Our local paper (remember those?) ran a story recently about a young man named Taylor Baldry who sets up a proper table near a popular walking path, and invites passersby to stop for a Free Conversation. WTF!?! LOL!!! TMI!!?!!
It’s part of a project (part self-help, part performance art) he calls “The Conversationalist.” And believe it or don’t, he gets many takers—and they report walking away inspired, refreshed, and touched. This begs the question:
Have we (especially we “haves”) gotten so busy and gadget-dependent that a free-range conversation with a stranger piques a nostalgic interest like a cute kid’s lemonade stand?”
Check out this pic of two Italian men outside the coffee shop. Now THAT’S communication and connection—complete with waving arms, proximity, and touch. Americans (especially we cold Northerners) may keep our distance. But traditionally, we do love to talk. Yet it seems that even that passion may be going the way of the rotary phone…
To acknowledge an upside, many parents preach to me that they love texting—because their kids do—so communication with their kids happens where it otherwise might fall silent. And in these all-at-onceness times, we need all the tools we can get our hands on just to keep up.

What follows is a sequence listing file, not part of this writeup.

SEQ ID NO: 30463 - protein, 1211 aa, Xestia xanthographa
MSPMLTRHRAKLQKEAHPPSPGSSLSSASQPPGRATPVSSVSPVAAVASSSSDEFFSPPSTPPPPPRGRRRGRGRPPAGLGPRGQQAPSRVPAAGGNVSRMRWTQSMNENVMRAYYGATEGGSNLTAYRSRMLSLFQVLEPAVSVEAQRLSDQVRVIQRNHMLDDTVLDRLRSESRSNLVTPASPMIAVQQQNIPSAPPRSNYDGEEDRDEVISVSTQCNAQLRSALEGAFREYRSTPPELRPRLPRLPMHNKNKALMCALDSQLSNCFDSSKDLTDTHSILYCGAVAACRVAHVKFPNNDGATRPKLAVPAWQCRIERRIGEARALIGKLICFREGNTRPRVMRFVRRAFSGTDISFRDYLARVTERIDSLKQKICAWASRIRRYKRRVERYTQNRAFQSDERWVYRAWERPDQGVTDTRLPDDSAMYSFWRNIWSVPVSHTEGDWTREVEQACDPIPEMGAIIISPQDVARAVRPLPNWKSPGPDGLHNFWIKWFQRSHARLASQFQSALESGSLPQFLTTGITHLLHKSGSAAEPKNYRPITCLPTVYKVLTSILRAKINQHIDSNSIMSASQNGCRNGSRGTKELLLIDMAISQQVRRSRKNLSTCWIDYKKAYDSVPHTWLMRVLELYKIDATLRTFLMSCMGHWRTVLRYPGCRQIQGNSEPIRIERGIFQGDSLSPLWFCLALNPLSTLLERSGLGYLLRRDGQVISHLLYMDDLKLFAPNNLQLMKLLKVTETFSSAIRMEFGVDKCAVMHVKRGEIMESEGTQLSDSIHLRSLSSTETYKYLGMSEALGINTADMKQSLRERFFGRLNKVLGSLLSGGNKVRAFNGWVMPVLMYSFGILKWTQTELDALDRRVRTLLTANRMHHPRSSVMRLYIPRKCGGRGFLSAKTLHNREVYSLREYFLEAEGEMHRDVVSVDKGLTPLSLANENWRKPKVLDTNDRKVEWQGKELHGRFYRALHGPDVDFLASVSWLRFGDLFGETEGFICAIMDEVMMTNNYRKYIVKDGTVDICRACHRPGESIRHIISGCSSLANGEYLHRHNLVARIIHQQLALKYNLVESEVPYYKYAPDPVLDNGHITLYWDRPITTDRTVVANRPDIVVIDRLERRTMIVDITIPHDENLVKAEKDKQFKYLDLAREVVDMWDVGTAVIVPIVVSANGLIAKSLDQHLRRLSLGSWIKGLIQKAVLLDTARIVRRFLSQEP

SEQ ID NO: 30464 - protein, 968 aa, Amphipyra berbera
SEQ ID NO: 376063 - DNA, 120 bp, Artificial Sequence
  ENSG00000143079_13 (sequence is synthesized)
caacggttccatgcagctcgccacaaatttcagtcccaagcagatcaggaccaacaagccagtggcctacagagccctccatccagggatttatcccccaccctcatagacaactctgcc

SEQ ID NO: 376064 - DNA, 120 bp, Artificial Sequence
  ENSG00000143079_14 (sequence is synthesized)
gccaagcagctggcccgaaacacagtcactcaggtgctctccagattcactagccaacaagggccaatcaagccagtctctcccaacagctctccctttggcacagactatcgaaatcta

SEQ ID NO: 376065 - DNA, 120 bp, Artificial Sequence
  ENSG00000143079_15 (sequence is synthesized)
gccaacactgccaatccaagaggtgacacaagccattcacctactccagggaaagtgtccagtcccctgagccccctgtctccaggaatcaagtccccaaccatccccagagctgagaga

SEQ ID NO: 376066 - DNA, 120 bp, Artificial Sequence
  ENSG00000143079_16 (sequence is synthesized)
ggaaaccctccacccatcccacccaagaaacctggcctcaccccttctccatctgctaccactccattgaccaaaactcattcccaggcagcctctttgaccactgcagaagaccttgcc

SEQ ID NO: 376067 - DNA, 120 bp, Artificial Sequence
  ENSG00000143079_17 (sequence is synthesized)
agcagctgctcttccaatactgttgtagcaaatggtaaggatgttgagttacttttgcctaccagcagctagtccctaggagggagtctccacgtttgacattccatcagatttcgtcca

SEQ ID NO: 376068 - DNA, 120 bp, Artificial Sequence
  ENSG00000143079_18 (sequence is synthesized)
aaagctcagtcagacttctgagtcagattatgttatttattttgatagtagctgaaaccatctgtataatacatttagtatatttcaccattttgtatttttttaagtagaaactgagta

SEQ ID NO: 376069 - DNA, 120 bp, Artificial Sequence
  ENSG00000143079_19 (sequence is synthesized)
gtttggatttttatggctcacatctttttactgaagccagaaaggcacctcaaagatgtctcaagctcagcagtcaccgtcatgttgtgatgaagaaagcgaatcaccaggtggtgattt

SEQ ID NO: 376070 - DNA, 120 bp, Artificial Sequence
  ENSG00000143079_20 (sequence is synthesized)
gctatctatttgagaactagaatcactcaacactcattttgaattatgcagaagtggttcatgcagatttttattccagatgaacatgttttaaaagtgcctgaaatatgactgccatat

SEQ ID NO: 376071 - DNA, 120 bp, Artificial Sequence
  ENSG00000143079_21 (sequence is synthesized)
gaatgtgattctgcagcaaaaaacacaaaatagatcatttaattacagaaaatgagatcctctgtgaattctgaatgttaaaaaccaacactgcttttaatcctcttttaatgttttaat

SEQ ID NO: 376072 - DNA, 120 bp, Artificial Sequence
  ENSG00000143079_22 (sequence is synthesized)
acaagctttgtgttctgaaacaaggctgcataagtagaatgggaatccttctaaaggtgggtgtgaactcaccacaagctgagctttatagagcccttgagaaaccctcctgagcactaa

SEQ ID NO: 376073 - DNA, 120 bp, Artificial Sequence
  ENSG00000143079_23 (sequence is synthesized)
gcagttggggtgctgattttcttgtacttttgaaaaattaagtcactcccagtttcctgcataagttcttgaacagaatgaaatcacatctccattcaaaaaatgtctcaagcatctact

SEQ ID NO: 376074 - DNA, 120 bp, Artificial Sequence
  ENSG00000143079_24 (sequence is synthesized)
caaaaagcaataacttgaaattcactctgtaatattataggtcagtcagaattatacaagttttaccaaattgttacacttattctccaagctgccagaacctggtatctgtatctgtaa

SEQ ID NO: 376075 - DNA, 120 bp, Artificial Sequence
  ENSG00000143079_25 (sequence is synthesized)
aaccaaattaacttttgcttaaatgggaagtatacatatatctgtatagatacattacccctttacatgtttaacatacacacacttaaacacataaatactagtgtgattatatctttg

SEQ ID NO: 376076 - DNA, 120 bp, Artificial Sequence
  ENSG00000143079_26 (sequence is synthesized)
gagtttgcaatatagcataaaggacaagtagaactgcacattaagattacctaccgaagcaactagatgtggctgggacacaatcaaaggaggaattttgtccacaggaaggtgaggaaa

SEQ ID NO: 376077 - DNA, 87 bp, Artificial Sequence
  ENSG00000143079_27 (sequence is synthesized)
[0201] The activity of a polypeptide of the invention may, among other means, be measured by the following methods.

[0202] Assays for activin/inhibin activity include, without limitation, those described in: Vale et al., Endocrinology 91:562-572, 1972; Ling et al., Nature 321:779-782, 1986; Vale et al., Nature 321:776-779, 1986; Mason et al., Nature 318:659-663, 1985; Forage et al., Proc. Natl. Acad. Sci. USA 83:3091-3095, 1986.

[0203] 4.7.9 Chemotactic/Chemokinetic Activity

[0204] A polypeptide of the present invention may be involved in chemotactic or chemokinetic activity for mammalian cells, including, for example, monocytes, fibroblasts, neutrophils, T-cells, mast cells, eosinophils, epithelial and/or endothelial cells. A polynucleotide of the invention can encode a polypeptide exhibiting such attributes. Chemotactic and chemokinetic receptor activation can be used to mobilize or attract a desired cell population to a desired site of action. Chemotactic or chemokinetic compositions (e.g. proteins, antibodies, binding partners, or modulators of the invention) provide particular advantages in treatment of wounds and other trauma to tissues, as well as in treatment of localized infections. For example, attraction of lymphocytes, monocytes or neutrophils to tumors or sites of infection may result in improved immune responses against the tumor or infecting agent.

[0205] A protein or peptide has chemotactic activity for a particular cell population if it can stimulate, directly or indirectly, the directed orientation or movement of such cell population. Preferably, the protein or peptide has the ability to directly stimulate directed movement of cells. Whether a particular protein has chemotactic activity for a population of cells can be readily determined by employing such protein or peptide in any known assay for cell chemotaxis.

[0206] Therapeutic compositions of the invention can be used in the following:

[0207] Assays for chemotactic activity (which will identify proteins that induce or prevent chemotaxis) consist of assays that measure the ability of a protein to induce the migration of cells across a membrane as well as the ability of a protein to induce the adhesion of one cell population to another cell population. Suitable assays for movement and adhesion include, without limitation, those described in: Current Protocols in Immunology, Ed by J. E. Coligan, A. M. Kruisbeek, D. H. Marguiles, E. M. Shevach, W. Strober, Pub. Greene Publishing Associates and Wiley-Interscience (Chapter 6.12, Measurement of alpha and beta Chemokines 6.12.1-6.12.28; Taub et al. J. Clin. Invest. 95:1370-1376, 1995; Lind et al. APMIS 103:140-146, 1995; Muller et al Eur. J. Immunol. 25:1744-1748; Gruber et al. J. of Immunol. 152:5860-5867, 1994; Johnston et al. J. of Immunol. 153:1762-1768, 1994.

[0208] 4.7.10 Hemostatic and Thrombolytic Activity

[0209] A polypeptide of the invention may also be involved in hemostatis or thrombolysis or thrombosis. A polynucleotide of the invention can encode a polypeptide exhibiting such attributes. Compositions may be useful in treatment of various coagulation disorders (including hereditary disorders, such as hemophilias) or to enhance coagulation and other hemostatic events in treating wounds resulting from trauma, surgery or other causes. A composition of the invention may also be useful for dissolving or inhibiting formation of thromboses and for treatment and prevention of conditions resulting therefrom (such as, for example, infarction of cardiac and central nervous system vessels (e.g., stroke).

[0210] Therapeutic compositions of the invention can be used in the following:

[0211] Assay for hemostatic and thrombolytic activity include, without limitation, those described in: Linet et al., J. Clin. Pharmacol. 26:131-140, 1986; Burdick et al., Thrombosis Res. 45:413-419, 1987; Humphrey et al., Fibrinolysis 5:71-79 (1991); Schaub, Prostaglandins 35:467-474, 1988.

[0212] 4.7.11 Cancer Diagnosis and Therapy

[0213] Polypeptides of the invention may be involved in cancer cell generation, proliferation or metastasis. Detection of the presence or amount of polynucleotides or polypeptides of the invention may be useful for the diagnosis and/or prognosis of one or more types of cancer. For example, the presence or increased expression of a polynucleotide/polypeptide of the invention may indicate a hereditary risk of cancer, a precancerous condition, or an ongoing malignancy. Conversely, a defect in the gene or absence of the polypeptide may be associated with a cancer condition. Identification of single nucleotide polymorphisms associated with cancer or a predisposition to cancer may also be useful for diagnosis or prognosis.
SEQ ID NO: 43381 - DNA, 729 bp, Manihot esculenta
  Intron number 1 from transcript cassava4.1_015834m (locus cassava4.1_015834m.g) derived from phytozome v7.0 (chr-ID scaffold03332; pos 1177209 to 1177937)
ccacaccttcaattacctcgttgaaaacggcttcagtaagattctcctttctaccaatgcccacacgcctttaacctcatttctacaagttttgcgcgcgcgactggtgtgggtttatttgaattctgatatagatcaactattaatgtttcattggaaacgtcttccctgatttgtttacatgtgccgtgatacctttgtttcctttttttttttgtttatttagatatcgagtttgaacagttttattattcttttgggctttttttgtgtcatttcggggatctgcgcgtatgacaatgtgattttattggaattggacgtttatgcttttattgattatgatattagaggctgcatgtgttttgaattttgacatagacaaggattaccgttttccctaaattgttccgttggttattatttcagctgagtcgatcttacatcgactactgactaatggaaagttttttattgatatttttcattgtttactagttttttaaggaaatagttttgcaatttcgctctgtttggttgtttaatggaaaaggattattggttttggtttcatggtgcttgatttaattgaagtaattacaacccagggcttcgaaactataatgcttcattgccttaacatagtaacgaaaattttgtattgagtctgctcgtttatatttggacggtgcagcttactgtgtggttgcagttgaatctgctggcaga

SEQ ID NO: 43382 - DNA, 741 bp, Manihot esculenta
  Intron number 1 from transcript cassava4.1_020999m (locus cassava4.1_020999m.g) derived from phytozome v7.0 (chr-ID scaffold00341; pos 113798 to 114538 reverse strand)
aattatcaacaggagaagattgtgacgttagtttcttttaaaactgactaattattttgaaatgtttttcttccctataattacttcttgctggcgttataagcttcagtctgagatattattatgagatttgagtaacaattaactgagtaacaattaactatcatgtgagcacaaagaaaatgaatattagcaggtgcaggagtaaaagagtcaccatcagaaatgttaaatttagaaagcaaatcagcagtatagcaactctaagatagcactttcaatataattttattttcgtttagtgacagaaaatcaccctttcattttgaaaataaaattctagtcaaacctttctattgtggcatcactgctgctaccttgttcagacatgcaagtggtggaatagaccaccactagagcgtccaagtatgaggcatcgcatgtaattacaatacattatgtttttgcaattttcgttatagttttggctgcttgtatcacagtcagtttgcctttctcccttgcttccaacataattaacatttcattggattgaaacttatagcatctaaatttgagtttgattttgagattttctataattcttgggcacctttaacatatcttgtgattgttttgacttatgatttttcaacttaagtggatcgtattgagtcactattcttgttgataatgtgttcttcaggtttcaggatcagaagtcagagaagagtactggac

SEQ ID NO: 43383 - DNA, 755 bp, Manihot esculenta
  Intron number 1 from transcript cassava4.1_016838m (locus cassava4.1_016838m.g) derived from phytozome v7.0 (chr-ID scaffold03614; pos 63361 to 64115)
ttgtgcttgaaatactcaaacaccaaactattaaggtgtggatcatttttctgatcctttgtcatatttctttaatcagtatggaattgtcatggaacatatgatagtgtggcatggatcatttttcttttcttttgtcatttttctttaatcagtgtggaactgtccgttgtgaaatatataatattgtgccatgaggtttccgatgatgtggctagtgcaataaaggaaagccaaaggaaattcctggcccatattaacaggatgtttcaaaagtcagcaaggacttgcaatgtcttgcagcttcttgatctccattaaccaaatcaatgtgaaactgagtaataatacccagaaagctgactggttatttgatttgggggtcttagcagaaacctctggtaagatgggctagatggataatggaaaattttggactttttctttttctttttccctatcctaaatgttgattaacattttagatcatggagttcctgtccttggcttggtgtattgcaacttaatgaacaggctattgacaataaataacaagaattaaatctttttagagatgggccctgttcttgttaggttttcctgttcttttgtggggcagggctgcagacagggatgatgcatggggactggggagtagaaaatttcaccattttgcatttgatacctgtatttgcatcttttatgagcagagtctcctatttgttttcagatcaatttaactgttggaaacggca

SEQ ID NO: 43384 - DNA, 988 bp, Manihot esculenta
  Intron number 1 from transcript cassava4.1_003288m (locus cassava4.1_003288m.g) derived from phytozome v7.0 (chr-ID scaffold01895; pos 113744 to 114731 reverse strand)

Yet this textbook reader often finds that text reading raises more riddles than it solves. And when one-to-five word communiques replace most other forms, one must ask:
Is what we have here a failure to communicate?”
Example: Last month, I asked an old acquaintance for a (somewhat involved) favor—via email—which I thought was a patient courtesy versus, say, a phone call. Days later, I received an embarassed “yes” reply, with the admission that he rarely does email now. So could we take this conversation on-text?
Of course! Could be my only reply. But when it comes to texting, I’m all thumbs. So playing out this arrangement became a new form of time-suck for me, though I happily complied to accommodate his generosity.
Meanwhile, you can’t turn to a legitimate news source these days without stumbling on another story about how we are rewiring our existence, literally and metaphysically. Students can’t recall simple things when distracted by their digitalia. Drivers are dying due to DWTexting fools. And inattentive pedestrians texting or talking on cells are a new target for thugs and thieves.
So forgive those of us that still crave nuance, words, expressions, and I-to-I contact. I’ll take the life of those Italian friends—who probably have dozens of fun and fervent confrontations a day.
And if I can’t be there, or no one else has the time or attention to talk, really talk, maybe I’ll go for a walk around Lake Calhoun and see if the brave, new conversationalist has a place for me at his table.